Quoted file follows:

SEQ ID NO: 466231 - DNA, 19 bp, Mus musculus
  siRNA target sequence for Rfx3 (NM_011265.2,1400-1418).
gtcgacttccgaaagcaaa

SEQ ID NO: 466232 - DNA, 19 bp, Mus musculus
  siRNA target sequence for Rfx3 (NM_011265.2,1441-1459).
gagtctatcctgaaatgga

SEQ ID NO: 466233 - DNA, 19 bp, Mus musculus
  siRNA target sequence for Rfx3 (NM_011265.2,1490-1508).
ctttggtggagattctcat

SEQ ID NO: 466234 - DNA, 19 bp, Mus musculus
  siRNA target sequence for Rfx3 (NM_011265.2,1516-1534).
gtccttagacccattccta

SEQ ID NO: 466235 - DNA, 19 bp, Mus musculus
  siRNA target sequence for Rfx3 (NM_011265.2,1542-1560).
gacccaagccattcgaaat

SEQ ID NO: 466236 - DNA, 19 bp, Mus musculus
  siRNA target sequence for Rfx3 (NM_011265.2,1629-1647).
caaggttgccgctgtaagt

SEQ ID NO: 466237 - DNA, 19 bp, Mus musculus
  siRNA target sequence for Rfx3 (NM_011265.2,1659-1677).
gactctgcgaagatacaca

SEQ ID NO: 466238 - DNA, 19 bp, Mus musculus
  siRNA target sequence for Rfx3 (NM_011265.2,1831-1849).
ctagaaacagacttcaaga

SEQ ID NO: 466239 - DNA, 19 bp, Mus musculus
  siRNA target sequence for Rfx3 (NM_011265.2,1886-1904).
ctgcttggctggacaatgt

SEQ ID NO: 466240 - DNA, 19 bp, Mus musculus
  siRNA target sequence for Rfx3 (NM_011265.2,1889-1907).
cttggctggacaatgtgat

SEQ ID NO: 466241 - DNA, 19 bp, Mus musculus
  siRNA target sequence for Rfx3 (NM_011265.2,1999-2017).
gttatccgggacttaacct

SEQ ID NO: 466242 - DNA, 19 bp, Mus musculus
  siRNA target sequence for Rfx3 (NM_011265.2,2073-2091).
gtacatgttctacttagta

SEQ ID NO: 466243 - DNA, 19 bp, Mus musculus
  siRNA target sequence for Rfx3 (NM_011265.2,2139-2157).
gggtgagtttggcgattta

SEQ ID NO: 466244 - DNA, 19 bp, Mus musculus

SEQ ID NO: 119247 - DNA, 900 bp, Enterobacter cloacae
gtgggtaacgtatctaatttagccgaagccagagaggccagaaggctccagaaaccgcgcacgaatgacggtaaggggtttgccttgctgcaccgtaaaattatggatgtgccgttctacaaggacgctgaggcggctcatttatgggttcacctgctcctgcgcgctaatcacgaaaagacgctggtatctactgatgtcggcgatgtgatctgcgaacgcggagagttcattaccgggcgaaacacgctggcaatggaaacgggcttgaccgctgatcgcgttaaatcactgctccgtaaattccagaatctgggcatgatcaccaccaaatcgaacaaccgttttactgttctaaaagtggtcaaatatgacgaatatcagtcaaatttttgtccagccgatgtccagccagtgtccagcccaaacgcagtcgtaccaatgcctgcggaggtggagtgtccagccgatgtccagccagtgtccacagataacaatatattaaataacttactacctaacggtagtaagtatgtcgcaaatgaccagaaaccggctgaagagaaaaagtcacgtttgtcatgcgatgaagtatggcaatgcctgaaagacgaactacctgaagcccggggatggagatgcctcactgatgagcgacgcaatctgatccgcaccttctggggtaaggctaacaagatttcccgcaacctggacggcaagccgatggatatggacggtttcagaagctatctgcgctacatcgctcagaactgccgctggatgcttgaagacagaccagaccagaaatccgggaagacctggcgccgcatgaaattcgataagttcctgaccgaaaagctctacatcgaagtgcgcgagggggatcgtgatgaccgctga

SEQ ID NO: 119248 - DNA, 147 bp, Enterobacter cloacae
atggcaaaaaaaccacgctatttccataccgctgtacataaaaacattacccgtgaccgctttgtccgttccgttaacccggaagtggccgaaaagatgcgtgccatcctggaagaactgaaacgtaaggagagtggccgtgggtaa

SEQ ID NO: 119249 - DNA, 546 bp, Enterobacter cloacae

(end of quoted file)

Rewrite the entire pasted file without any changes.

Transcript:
SEQ ID NO: 466231 - DNA, 19 bp, Mus musculus
  siRNA target sequence for Rfx3 (NM_011265.2,1400-1418).
gtcgacttccgaaagcaaa

SEQ ID NO: 466232 - DNA, 19 bp, Mus musculus
  siRNA target sequence for Rfx3 (NM_011265.2,1441-1459).
gagtctatcctgaaatgga

SEQ ID NO: 466233 - DNA, 19 bp, Mus musculus
  siRNA target sequence for Rfx3 (NM_011265.2,1490-1508).
ctttggtggagattctcat

SEQ ID NO: 466234 - DNA, 19 bp, Mus musculus
  siRNA target sequence for Rfx3 (NM_011265.2,1516-1534).
gtccttagacccattccta

SEQ ID NO: 466235 - DNA, 19 bp, Mus musculus
  siRNA target sequence for Rfx3 (NM_011265.2,1542-1560).
gacccaagccattcgaaat

SEQ ID NO: 466236 - DNA, 19 bp, Mus musculus
  siRNA target sequence for Rfx3 (NM_011265.2,1629-1647).
caaggttgccgctgtaagt

SEQ ID NO: 466237 - DNA, 19 bp, Mus musculus
  siRNA target sequence for Rfx3 (NM_011265.2,1659-1677).
gactctgcgaagatacaca

SEQ ID NO: 466238 - DNA, 19 bp, Mus musculus
  siRNA target sequence for Rfx3 (NM_011265.2,1831-1849).
ctagaaacagacttcaaga

SEQ ID NO: 466239 - DNA, 19 bp, Mus musculus
  siRNA target sequence for Rfx3 (NM_011265.2,1886-1904).
ctgcttggctggacaatgt

SEQ ID NO: 466240 - DNA, 19 bp, Mus musculus
  siRNA target sequence for Rfx3 (NM_011265.2,1889-1907).
cttggctggacaatgtgat

SEQ ID NO: 466241 - DNA, 19 bp, Mus musculus
  siRNA target sequence for Rfx3 (NM_011265.2,1999-2017).
gttatccgggacttaacct

SEQ ID NO: 466242 - DNA, 19 bp, Mus musculus
  siRNA target sequence for Rfx3 (NM_011265.2,2073-2091).
gtacatgttctacttagta

SEQ ID NO: 466243 - DNA, 19 bp, Mus musculus
  siRNA target sequence for Rfx3 (NM_011265.2,2139-2157).
gggtgagtttggcgattta

SEQ ID NO: 466244 - DNA, 19 bp, Mus musculus

SEQ ID NO: 119247 - DNA, 900 bp, Enterobacter cloacae
gtgggtaacgtatctaatttagccgaagccagagaggccagaaggctccagaaaccgcgcacgaatgacggtaaggggtttgccttgctgcaccgtaaaattatggatgtgccgttctacaaggacgctgaggcggctcatttatgggttcacctgctcctgcgcgctaatcacgaaaagacgctggtatctactgatgtcggcgatgtgatctgcgaacgcggagagttcattaccgggcgaaacacgctggcaatggaaacgggcttgaccgctgatcgcgttaaatcactgctccgtaaattccagaatctgggcatgatcaccaccaaatcgaacaaccgttttactgttctaaaagtggtcaaatatgacgaatatcagtcaaatttttgtccagccgatgtccagccagtgtccagcccaaacgcagtcgtaccaatgcctgcggaggtggagtgtccagccgatgtccagccagtgtccacagataacaatatattaaataacttactacctaacggtagtaagtatgtcgcaaatgaccagaaaccggctgaagagaaaaagtcacgtttgtcatgcgatgaagtatggcaatgcctgaaagacgaactacctgaagcccggggatggagatgcctcactgatgagcgacgcaatctgatccgcaccttctggggtaaggctaacaagatttcccgcaacctggacggcaagccgatggatatggacggtttcagaagctatctgcgctacatcgctcagaactgccgctggatgcttgaagacagaccagaccagaaatccgggaagacctggcgccgcatgaaattcgataagttcctgaccgaaaagctctacatcgaagtgcgcgagggggatcgtgatgaccgctga

SEQ ID NO: 119248 - DNA, 147 bp, Enterobacter cloacae
atggcaaaaaaaccacgctatttccataccgctgtacataaaaacattacccgtgaccgctttgtccgttccgttaacccggaagtggccgaaaagatgcgtgccatcctggaagaactgaaacgtaaggagagtggccgtgggtaa

SEQ ID NO: 119249 - DNA, 546 bp, Enterobacter cloacae